I have read many valuable "5 tips", "10 ways", "50 hacks" provided by productivity gurus to help you move forward when you have trouble being productive. To my surprise, none of these lists mentions an easy to grasp rule Ernest Hemingway applied to his writing process. His hack is perhaps too nonconformist to be part of the "getting things done" gospel…
The winner of the 1954 Nobel prize in Literature explains in simple words how to keep the momentum going and how to avoid writer’s block, a common affliction amongst authors. But his hack applies to any task related to an important goal. Here’s what you should do to avoid being stuck and maintain the flow state that maximizes productivity.

The quote :

The best way is always to stop when you are going good and when you know what will happen next. If you do that every day … you will never be stuck. Always stop while you are going good and don’t think about it or worry about it until you start to write the next day. That way your subconscious will work on it all the time. But if you think about it consciously or worry about it you will kill it and your brain will be tired before you start. Ernest Hemingway
Roald Dahl’s comment :
Let’s see what another famous writer, Roald Dahl, has to say about Hemingway’s hack (excerpts) :
« I never come back to a blank page; I always finish about halfway through. Hemingway taught me the finest trick : “When you are going good, stop writing.” You don’t go on writing and writing until you come to the end of it, because when you do, then you say, well, where am I going to go next? You make yourself stop and you walk away. And you can’t wait to get back because you know what you want to say next. »

To summarize, Hemingway tells you :

Don’t finish your daily task if you want to keep the momentum going :

* Make finishing your task your « next task »
* Stop when you know what you will do to finish it
* Stop when you feel the drive to finish it
* Stop when you reach a creativity peak
* Stop thinking about it until the next day

The benefits. You :

* Avoid being stuck
* Keep the momentum going
* Start your day by the rewarding work of finishing a task
* Boost your self-confidence and motivation levels before starting the « next task »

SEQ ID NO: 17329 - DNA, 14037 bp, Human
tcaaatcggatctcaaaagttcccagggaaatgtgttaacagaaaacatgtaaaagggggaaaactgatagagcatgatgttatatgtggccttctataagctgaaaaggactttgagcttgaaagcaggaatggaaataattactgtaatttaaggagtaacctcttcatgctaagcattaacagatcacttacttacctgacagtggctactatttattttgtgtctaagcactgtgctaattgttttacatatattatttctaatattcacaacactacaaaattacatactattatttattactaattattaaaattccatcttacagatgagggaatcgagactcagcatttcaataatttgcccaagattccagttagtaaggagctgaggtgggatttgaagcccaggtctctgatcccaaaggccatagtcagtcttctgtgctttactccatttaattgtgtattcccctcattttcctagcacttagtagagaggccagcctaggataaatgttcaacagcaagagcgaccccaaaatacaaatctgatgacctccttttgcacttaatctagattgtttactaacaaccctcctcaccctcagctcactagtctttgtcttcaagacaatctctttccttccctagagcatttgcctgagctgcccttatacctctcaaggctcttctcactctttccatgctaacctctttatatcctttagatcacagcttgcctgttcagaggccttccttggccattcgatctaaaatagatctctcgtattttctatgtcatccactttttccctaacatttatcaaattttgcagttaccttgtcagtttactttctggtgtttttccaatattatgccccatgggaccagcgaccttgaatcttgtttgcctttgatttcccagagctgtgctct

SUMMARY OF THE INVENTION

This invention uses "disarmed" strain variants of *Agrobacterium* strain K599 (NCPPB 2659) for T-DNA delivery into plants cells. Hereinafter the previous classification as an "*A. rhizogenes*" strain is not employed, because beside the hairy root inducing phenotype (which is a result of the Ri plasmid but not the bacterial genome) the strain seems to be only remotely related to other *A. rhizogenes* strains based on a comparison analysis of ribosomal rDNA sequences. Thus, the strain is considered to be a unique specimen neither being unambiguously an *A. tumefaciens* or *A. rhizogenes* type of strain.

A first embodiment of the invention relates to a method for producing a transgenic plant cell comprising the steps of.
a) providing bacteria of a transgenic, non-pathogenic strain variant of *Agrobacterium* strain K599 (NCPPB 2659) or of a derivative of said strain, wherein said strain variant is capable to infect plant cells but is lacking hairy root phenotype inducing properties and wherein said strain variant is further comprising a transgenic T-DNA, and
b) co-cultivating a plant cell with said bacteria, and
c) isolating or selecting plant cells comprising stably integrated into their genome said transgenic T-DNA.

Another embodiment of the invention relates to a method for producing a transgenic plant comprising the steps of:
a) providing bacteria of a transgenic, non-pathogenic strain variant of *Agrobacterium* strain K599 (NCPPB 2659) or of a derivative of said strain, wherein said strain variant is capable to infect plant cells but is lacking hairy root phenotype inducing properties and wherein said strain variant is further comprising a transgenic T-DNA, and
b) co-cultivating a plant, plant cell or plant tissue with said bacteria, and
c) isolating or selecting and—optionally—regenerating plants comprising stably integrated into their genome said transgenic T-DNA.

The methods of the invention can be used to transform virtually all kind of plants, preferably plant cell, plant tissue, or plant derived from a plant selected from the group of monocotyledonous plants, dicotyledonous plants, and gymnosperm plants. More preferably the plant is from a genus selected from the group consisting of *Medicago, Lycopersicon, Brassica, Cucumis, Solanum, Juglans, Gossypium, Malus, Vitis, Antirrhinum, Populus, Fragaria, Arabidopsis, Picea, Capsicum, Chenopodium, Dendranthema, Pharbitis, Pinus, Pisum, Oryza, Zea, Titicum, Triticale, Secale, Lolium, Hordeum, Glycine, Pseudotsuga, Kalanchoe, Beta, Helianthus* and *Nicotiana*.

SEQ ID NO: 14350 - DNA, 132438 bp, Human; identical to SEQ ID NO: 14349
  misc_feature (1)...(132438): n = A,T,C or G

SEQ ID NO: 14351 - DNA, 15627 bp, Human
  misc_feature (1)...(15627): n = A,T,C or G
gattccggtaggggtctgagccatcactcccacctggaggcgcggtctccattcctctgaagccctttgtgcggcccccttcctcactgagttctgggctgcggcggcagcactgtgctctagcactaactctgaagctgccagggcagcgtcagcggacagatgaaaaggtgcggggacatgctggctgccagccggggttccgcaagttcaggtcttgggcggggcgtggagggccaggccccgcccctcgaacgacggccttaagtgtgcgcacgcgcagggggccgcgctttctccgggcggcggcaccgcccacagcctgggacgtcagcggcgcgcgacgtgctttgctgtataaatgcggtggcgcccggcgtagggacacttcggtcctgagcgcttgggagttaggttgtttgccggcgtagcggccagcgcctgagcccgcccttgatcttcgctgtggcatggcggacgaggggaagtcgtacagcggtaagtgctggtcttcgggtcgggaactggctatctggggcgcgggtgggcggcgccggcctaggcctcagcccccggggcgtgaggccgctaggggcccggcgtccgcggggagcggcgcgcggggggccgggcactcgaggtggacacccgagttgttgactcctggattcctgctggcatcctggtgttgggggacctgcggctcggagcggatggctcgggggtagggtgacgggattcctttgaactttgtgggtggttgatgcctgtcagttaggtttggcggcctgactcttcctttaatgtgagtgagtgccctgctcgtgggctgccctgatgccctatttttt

* End your day on a high note
* Put your brain to purposeful rest when you stop working
* Allow you subconscious to work profitably on « it » = « the bigger picture » = your goal.

My comment
Of course if you want to get into the completion habit, you should start by finishing your daily task (related to an important goal), no matter how sloppily you do it. But often, if you limit yourself to this way of getting things done, you cannot help worrying about the poor quality of your work and feeling dissatisfied with it until the next day.

And this is not good for your self-esteem. What is not good for self-esteem is not good for motivation. And without boosting your motivation level you cannot get into the completion habit.

My experience
With some practice, you can go from don’t stop when you get stuck to avoid being stuck. In my 22-year career as a professional journalist I went through all the stages : I started by being a perfectionist , rereading and rewriting every sentence of an article, therefore getting stuck all the time. I moved on to practicing sloppy drafts whenever I was stuck and improving them afterwards. Until one day, when I stopped when I was "going good". Why ? Because it was a beautiful summer evening, because I wanted to listen to the Rolling Stones, because I knew exactly what to do to finish my article.

Since then, I always make myself stop when I know what I am going to do next ( and not when I want to listen to the Stones on a summer evening - which is what I dream of doing all the time). And I learned to apply this rule to other tasks, when I decide to clear up my wardrobe or to sort out my record collection for an easier access to my 325 Stones records (pretty obvious).

Via: The Second Act

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Replies to This Discussion

I could have used this in November during NaNoWriMo!
Good article, you know of any other techniques to break "writers block" or to stay more creative?


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